Has China’s coal use peaked? Hear’s how to read the tea leaves – Valerie J. Karplus

Assistant Professor Valerie Karplus

Assistant Professor Valerie Karplus

From The Conversation

As the largest emitter of carbon dioxide in the world, how much coal China is burning is of global interest.

In March, the country’s National Bureau of Statistics said the tonnage of coal has fallen for the second year in the row. Indeed, there are reports that China will stop construction of new plants, as the country grapples with overcapacity, and efforts to phase out inefficient and outdated coal plants are expected to continue.

A sustained reduction in coal, the main fuel used to generate electricity in China, will be good news for the local environment and global climate. But it also raises questions: what is driving the drop? And can we expect this nascent trend to continue?

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Opinion: your future financial adviser could be a robot – Vasant Dhar & Roger M. Stein

MIT Sloan Researcher Roger Stein

MIT Sloan Researcher Roger Stein

From MarketWatch

President Donald Trump has vowed to bring manufacturing jobs back to the U.S. through new policies and regulatory reform. But this effort faces a strong headwind: In all walks of life, human employment is being challenged.

Many manufacturing jobs have been replaced by robots. Meanwhile, drivers are on their way to being displaced by driverless cars, tax professionals by software, and much more.

Recently Trump turned his attention to the financial services industry, signing two directives aimed at repealing portions

NYU Professor Vasant Dhar

of the Dodd-Frank and Consumer Protection acts, citing onerous restrictions that hamper legitimate investing and financial activity.

But regulatory change isn’t likely to repel the march of the robots that is transforming the financial services business. FinTech — the finance industry equivalent of robots in manufacturing — is too far along for that. If future investors and consumers of financial services begin to trust FinTech platforms as they have done in retail and travel, then fewer humans will be working in finance.

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Trump’s immigration ban is terrible for entrepreneurs–Samia Bahsoun

Samia Bahsoun, EMBA ’17

From TechCrunch

Donald Trump’s executive orders targeting Muslims, immigrants and refugees are moves that pander to the dangerous forces of racism and xenophobia.

These bans will worsen a worldwide humanitarian crisis, isolate us from our friends and allies, and make us even more vulnerable to terror attacks. Moreover, if these foolish actions are enforced, it will result in dire consequences for the economic well-being of our country. Immigrants of all races, creeds and national origins form a vital part of America’s economy as workers, job creators, and entrepreneurs.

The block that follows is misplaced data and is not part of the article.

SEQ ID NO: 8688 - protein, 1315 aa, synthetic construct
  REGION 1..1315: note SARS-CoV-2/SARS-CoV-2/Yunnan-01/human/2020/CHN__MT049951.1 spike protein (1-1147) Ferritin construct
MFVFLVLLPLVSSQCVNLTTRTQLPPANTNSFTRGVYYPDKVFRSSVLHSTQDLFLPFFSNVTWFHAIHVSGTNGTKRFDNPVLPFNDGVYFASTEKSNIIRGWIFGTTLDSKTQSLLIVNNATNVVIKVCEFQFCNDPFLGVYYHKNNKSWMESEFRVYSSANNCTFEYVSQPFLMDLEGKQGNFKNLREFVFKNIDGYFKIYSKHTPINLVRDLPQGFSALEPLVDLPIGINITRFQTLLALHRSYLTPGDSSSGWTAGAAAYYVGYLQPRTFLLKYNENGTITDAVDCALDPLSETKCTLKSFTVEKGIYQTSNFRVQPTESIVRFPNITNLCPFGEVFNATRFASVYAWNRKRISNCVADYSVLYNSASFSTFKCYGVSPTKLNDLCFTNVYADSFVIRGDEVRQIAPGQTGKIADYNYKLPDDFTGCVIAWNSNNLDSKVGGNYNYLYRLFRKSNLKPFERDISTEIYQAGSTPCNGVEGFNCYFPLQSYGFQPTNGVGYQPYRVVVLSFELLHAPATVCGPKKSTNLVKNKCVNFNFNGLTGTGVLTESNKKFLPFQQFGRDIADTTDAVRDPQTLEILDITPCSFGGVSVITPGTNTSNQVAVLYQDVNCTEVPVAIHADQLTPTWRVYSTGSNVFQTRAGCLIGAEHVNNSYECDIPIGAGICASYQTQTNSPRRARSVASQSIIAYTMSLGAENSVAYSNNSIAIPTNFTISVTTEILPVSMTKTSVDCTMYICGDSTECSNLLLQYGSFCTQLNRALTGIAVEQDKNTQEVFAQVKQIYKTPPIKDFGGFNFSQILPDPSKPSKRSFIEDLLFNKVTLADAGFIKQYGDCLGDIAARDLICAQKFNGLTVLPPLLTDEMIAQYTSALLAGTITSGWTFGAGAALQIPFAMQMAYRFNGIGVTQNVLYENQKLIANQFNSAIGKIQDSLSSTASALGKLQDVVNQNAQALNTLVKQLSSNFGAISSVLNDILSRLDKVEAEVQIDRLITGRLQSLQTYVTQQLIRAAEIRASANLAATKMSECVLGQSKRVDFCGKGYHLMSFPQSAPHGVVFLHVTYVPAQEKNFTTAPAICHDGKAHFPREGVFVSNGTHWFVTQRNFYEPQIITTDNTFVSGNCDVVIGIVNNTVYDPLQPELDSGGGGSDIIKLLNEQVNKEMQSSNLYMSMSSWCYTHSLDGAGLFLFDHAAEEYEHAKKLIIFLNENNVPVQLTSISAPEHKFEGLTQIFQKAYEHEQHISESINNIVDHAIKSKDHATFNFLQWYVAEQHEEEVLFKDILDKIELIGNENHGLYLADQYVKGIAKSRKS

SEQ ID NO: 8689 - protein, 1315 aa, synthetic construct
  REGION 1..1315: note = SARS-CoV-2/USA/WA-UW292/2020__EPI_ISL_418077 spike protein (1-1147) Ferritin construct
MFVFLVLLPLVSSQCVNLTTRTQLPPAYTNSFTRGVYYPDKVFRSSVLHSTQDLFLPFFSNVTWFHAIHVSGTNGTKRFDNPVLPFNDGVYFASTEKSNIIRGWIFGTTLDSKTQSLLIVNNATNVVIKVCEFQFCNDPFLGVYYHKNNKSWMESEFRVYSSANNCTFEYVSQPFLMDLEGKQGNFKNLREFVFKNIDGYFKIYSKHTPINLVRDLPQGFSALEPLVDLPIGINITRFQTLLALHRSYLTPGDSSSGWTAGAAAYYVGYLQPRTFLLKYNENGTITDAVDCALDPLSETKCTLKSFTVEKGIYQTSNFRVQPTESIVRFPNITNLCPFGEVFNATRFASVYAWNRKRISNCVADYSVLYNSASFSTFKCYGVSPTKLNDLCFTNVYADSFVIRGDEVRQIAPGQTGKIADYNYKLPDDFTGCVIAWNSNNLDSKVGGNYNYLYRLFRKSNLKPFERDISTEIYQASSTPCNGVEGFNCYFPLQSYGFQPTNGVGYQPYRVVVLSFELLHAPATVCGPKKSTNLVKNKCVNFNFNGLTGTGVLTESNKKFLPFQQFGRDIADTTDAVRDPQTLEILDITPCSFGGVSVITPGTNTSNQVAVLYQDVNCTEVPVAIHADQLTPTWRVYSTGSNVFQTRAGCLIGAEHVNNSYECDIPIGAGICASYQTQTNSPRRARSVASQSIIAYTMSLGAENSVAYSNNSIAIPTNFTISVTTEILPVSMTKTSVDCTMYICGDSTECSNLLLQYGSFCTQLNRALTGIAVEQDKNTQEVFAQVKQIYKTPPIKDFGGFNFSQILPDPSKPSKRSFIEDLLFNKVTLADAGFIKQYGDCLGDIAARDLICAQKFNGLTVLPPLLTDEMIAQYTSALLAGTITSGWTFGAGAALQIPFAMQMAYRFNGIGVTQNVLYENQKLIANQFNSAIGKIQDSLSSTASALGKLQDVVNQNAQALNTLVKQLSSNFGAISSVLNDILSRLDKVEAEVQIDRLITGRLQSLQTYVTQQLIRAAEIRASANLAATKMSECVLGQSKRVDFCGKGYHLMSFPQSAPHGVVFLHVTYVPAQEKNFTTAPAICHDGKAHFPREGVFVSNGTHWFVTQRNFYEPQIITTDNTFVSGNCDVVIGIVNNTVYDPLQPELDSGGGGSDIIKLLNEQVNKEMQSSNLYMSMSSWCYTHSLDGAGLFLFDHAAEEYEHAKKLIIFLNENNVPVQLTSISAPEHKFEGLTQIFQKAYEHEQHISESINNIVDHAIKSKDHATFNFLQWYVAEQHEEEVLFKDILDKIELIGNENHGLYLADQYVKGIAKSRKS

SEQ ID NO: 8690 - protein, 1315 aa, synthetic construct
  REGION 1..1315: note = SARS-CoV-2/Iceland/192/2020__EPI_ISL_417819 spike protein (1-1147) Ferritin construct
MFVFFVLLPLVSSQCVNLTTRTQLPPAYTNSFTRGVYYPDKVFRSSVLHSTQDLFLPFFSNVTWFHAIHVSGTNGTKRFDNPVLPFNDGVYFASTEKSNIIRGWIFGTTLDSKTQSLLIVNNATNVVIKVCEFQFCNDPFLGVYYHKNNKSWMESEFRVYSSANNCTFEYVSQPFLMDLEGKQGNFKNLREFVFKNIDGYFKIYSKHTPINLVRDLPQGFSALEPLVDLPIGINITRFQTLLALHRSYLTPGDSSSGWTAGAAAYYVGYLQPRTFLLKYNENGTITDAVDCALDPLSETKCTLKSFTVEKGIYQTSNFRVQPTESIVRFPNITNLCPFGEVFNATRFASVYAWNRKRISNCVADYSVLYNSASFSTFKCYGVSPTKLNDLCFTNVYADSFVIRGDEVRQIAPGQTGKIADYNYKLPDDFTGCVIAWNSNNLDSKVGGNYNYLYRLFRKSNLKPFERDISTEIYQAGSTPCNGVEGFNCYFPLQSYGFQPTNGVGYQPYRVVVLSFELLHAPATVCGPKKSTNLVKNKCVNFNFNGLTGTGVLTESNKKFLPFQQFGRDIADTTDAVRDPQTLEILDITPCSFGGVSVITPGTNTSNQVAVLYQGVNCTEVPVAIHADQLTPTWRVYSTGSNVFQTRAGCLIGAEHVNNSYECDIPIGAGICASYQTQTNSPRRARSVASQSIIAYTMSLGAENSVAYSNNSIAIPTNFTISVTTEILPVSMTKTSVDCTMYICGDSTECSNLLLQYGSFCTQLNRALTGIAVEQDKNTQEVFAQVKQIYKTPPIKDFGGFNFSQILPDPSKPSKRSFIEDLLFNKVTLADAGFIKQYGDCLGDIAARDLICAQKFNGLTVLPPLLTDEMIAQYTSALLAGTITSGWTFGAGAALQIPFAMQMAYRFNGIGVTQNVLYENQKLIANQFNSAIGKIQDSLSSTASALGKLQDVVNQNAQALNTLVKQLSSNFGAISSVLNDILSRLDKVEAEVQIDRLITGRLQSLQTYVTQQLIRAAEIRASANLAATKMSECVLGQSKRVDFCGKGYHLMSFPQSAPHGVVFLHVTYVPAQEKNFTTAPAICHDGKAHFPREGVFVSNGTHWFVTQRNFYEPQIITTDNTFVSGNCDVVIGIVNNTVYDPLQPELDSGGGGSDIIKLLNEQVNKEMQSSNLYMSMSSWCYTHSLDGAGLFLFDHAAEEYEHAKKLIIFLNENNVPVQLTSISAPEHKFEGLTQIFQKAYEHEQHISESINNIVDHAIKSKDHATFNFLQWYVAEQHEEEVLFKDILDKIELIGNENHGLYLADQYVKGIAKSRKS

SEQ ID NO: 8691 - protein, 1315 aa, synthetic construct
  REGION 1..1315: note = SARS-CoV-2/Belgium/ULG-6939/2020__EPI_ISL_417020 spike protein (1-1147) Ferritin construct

I’m an immigrant of Lebanese Muslim descent. I’m also a telecom infrastructure expert, entrepreneur, and the founder and CEO of Capwave Technologies, based out of Asbury Park, New Jersey. Before launching Capwave, I helped restructure and launch several telecom startups and served as a strategic adviser to Fortune 500 companies. I hold a graduate degree in electrical engineering, and am currently enrolled in MIT’s Executive MBA program.

As an immigrant and successful small business owner, I’m living the American dream.

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Trump’s tax promise looks like just another of his tweets–Robert Pozen

MIT Sloan Senior Lecturer Robert Pozen

MIT Sloan Senior Lecturer Robert Pozen

From MarketWatch

Although Donald Trump claims that his forthcoming tax plan will be “phenomenal,” he is in truth not likely to propose something really new.

Before the election, Trump put forth a broad tax plan and then a narrower plan.  But even the narrower plan created a budget deficit of roughly $3 trillion to $4 trillion over 10 years, according to the dynamic scoring of the independent researcher Tax Foundation.  That steep increase in the national debt would present major challenges, given rising interest rates and much larger budget pressures from entitlement programs.

Soon after the election, President Trump lambasted the border adjustment tax ( BAT ) plan of the House Republicans. Then he began to be more favorable to the BAT because he believed — wrongly — that it would impose a large tariff on Mexican imports to pay for the wall.  In fact, the BAT would effectively impose a tax on all imports, which would probably be absorbed by importing companies and their customers.

So there are three main questions about what type of tax plan Trump could propose. 

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The Real Reasons Diversity Programs Don’t Work – Evan Apfelbaum

MIT Sloan Asst. Prof. Evan Apfelbaum

From Fortune

From Olympic competition to the corporate boardroom, diversity remains a highly relevant and emotionally charged topic.

Making waves recently was an NBC broadcaster at the Summer Olympics in Rio, who drew criticism after attributing the world record-breaking success of Hungarian swimmer Katinka Hosszu to her husband. A Huffington Post columnist immediately took umbrage saying, “When women Olympians win medals, they deserve the credit.”

The need to recognize the contributions and personal drive or ambition of women athletes, regardless of who trains or coaches them, echoed a recent incident in the corporate world: Saatchi & Saatchi Executive Chairman Kevin Roberts was placed on a leave of absence after an interview in which he reportedly said he did not think the lack of women in leadership roles “is a problem.” Roberts was quoted as saying women’s “ambition is not a vertical ambition; it’s this intrinsic, circular ambition to be happy.”

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